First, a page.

Using this medicine with any of the following medicines is usually not recommended, but may be required in some cases. If both medicines are prescribed together, your doctor may change the dose or how often you use one or both of the medicines.
- Aripiprazole Lauroxil
- Arsenic Trioxide
- Calcium Oxybate
- Chloral Hydrate
- Inotuzumab Ozogamicin
- Iobenguane I 131
- Magnesium Oxybate
- Methylene Blue
- Morphine Sulfate Liposome
- Nitrous Oxide
- Opium Alkaloids
- Potassium Oxybate
- Sodium Oxybate
- Sodium Phosphate
- Sodium Phosphate, Dibasic
- Sodium Phosphate, Monobasic
- Tolonium Chloride
Using this medicine with any of the following medicines may cause an increased risk of certain side effects, but using both drugs may be the best treatment for you. If both medicines are prescribed together, your doctor may change the dose or how often you use one or both of the medicines.
Interactions with food/tobacco/alcohol
Certain medicines should not be used at or around the time of eating food or eating certain types of food since interactions may occur. Using alcohol or tobacco with certain medicines may also cause interactions to occur. The following interactions have been selected on the basis of their potential significance and are not necessarily all-inclusive.
Using this medicine with any of the following is usually not recommended, but may be unavoidable in some cases. If used together, your doctor may change the dose or how often you use this medicine, or give you special instructions about the use of food, alcohol, or tobacco.
Other medical problems
The presence of other medical problems may affect the use of this medicine. Make sure you tell your doctor if you have any other medical problems, especially:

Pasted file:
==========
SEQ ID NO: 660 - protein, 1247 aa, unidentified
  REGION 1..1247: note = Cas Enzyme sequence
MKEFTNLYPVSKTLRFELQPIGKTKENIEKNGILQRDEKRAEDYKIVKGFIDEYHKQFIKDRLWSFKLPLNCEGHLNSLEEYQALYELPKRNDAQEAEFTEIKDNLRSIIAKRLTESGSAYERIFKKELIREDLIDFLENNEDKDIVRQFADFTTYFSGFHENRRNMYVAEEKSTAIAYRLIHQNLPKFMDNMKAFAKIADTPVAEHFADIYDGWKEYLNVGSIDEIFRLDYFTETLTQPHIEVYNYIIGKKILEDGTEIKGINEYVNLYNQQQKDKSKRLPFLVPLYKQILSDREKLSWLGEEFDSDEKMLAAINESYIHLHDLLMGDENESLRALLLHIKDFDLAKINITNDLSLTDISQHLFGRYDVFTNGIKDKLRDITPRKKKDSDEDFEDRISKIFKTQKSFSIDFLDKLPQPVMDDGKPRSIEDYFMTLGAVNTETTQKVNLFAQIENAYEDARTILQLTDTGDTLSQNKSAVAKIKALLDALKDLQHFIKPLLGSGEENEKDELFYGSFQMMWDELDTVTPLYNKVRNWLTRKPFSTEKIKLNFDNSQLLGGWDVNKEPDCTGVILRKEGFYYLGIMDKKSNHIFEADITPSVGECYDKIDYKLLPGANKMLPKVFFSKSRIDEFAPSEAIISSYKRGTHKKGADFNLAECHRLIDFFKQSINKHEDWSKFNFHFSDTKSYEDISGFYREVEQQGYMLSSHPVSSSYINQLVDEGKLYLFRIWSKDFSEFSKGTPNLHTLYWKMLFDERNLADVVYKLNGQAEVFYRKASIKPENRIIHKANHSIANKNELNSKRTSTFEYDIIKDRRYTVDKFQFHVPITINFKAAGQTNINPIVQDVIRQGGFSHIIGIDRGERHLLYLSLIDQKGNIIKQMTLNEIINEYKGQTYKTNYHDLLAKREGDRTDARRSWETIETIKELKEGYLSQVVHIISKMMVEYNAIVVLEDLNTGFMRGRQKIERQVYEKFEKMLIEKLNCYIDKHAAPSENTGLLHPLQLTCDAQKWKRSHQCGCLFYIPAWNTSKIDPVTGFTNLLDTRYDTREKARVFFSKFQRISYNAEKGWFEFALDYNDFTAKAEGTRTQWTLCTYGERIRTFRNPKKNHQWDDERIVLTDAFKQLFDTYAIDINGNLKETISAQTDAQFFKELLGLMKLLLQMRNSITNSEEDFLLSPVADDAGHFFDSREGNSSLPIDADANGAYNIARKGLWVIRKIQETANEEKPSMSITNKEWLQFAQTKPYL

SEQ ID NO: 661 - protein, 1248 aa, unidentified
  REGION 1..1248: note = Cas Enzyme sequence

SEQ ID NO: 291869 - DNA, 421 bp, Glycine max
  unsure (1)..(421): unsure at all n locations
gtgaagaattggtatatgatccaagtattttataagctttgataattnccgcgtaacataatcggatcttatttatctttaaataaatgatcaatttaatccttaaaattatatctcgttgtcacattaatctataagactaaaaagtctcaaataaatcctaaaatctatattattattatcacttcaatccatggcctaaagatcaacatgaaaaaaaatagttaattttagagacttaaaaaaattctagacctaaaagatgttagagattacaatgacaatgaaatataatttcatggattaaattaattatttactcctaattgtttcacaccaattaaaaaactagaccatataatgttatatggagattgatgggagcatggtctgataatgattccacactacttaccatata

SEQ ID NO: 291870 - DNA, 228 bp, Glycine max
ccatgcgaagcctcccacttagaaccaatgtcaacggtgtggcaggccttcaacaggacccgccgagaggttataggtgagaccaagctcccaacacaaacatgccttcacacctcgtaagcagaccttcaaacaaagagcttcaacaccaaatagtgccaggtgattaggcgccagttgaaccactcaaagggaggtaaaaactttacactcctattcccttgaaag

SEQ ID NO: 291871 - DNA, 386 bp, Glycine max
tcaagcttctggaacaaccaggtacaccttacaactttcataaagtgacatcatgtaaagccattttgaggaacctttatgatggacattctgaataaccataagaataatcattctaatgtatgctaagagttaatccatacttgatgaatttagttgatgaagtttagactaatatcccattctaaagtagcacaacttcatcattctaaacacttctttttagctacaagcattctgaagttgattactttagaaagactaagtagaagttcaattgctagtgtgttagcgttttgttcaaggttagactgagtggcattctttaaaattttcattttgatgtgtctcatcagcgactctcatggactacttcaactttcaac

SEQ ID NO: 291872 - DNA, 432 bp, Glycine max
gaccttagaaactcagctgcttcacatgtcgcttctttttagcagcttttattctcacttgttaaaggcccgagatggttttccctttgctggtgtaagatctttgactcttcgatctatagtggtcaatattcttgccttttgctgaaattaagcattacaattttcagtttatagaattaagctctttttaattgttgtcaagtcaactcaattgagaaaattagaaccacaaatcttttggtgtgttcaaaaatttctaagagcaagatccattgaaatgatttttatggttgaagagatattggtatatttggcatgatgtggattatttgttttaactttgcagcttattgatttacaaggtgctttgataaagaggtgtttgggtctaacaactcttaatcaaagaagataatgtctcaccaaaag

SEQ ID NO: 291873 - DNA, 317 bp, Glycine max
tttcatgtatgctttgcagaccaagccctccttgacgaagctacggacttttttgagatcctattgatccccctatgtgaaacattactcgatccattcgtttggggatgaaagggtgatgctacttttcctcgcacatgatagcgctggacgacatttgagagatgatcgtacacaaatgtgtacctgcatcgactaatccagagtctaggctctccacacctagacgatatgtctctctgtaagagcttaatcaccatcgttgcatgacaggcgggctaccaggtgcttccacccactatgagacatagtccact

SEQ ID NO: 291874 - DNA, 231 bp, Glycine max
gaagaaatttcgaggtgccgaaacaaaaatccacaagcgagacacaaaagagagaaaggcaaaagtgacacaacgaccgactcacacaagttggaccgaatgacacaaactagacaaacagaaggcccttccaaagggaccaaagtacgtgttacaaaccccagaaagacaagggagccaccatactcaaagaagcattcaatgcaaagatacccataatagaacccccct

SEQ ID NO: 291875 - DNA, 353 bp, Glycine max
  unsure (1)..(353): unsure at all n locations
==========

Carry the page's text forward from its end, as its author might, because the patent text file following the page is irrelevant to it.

- Bradycardia (slow heartbeat) or
- Brain or blood vessel disease or
- Chronic kidney failure or
- Heart attack, recent or
- Heart failure or
- Heart problems or
- Heart rhythm problems (eg, bradyarrhythmia, QT prolongation)—Use with caution. May cause side effects to become worse.
- Hypokalemia (low potassium levels in the blood) or
- Hypomagnesemia (low magnesium levels in the blood)—These conditions must be corrected first before starting treatment with this medicine.
- Kidney disease or
- Liver disease—Use with caution. The effects may be increased because of the slower removal of the medicine from the body.
Proper use of Lucemyra
Take this medicine only as directed by your doctor. Do not take more of it, do not take it more often, and do not take it for a longer time than your doctor ordered. This is especially important for elderly patients, who may be more sensitive to the effects of pain medicines.
This medicine comes with a patient information leaflet. Read and follow these instructions carefully. Ask your doctor if you have any questions.
You may take this medicine with or without food.